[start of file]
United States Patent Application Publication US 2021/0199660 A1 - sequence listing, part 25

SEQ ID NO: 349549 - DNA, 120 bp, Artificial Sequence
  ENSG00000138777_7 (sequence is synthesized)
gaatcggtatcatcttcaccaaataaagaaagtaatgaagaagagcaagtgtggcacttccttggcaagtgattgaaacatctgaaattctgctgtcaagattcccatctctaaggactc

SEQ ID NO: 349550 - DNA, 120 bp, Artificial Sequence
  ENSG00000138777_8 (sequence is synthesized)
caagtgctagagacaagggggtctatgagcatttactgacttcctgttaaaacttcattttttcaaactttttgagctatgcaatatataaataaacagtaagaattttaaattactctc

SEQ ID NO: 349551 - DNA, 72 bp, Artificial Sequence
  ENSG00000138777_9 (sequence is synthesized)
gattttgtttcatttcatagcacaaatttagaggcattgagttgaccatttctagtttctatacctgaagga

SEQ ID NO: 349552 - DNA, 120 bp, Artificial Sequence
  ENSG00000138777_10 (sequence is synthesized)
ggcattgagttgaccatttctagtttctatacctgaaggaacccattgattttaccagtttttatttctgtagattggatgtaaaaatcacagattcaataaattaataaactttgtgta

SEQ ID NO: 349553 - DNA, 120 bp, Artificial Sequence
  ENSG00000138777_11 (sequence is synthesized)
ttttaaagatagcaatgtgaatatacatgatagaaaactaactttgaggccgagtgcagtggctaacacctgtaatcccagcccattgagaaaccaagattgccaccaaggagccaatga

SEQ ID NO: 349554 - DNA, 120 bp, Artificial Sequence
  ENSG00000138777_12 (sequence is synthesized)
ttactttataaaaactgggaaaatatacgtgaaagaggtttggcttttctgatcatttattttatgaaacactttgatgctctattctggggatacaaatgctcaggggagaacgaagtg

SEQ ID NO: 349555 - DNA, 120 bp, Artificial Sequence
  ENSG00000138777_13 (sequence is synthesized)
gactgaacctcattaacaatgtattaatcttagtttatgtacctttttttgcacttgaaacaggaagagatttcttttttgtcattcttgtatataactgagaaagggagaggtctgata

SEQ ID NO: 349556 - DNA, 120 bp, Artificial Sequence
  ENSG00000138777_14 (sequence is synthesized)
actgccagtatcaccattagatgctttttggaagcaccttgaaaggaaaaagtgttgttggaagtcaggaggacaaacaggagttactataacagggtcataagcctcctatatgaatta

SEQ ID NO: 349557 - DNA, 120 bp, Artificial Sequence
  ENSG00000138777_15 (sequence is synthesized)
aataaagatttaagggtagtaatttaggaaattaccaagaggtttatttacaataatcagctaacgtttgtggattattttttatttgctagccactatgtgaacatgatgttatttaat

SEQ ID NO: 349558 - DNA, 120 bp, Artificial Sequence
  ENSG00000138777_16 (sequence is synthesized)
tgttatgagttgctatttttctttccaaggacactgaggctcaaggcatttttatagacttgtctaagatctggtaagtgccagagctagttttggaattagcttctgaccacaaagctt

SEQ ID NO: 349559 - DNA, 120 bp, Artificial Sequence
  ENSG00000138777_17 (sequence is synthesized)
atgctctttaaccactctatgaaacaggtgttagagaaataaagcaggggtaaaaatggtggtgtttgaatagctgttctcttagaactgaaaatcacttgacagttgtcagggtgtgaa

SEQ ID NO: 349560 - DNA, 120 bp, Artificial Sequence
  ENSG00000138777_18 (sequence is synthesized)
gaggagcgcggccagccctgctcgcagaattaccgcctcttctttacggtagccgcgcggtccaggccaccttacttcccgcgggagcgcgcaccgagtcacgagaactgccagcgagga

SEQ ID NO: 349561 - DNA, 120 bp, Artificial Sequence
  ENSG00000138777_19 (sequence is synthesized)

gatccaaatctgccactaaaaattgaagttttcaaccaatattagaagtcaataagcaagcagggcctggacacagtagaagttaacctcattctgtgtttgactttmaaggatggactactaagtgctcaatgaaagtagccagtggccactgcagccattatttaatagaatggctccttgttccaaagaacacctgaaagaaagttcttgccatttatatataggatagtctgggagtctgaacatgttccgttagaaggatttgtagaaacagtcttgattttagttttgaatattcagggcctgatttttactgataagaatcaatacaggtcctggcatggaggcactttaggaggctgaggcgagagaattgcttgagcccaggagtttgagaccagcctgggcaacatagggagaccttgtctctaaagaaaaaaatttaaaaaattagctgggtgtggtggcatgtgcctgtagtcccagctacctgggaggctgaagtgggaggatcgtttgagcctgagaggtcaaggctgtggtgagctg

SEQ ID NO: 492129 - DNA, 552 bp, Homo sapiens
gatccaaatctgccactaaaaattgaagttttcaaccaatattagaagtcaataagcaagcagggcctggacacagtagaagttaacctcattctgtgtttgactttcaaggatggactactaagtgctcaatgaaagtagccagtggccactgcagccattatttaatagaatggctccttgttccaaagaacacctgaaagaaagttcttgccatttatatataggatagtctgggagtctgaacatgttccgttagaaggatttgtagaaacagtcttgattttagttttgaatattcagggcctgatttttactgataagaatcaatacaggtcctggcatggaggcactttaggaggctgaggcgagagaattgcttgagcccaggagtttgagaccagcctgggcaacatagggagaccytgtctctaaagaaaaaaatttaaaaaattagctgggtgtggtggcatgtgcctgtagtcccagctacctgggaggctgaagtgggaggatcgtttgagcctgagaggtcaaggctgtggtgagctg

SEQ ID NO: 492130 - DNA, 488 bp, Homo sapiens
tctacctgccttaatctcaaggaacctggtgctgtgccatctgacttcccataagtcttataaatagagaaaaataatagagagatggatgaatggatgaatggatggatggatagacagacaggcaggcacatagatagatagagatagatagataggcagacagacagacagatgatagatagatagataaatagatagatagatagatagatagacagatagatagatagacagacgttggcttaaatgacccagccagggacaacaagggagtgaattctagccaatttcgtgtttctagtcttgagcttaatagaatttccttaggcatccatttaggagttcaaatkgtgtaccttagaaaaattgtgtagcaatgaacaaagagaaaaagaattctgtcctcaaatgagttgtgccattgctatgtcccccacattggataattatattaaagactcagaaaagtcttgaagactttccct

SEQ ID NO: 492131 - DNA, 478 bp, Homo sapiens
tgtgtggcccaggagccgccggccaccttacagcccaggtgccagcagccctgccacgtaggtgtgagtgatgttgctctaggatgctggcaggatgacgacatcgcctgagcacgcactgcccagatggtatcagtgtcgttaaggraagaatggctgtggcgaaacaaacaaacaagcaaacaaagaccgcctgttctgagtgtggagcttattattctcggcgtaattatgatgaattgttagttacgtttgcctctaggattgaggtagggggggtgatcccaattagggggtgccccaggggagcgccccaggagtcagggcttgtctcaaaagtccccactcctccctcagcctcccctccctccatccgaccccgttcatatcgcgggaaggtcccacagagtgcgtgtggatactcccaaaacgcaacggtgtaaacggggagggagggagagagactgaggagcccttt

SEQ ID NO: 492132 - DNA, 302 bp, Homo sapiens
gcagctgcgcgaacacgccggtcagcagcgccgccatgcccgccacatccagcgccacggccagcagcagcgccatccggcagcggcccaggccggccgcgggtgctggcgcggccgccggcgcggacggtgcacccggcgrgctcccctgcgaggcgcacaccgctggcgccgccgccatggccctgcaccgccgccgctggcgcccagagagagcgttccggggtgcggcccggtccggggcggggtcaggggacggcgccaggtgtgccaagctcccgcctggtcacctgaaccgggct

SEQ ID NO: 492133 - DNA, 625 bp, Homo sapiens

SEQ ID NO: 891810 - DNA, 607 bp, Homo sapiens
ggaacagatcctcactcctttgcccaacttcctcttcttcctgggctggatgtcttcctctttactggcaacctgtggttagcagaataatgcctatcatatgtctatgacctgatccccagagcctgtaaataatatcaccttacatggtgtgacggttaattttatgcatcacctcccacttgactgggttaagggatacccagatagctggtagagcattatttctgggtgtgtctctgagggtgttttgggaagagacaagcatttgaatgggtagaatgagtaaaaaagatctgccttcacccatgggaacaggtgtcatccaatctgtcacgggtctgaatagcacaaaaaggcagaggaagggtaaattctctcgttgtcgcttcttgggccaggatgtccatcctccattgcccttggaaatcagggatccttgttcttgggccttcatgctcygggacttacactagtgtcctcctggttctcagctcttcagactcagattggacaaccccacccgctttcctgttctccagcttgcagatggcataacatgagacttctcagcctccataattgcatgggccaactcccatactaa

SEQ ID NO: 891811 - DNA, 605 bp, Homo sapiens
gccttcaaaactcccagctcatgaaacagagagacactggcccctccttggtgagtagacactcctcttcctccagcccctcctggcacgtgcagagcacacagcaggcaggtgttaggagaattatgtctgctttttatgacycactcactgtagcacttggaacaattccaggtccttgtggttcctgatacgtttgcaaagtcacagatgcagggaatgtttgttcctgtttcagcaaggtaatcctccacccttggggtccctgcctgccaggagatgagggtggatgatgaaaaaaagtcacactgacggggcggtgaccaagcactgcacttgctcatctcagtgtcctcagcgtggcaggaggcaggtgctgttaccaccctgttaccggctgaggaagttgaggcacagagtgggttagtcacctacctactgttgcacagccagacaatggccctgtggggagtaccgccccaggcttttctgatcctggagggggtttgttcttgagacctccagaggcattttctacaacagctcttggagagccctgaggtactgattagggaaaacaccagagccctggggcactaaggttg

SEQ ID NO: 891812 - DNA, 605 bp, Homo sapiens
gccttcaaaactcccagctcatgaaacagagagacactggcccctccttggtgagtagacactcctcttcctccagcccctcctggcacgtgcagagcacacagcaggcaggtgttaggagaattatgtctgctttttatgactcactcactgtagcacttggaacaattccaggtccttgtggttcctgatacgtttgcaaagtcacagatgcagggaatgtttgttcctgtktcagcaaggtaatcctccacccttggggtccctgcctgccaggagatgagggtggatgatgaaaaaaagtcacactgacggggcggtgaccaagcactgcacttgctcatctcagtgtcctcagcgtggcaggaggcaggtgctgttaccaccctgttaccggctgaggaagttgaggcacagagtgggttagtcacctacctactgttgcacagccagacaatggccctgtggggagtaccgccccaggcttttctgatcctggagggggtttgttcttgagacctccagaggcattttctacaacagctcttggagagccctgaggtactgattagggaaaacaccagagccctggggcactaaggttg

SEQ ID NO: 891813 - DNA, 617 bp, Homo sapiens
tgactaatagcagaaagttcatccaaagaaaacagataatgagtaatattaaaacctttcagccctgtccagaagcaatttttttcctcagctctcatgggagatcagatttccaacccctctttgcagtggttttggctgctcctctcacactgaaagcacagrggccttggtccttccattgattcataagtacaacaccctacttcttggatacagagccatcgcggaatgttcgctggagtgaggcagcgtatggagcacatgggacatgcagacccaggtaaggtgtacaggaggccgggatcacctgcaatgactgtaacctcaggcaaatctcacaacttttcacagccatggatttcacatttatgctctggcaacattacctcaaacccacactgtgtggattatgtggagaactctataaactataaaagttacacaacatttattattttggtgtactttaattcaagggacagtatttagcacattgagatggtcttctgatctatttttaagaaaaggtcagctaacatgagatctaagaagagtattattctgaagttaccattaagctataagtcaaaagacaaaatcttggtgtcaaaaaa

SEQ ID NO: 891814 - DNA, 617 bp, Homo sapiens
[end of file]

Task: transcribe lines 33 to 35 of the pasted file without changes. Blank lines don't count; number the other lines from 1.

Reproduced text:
  ENSG00000138777_17 (sequence is synthesized)
atgctctttaaccactctatgaaacaggtgttagagaaataaagcaggggtaaaaatggtggtgtttgaatagctgttctcttagaactgaaaatcacttgacagttgtcagggtgtgaa

SEQ ID NO: 349560 - DNA, 120 bp, Artificial Sequence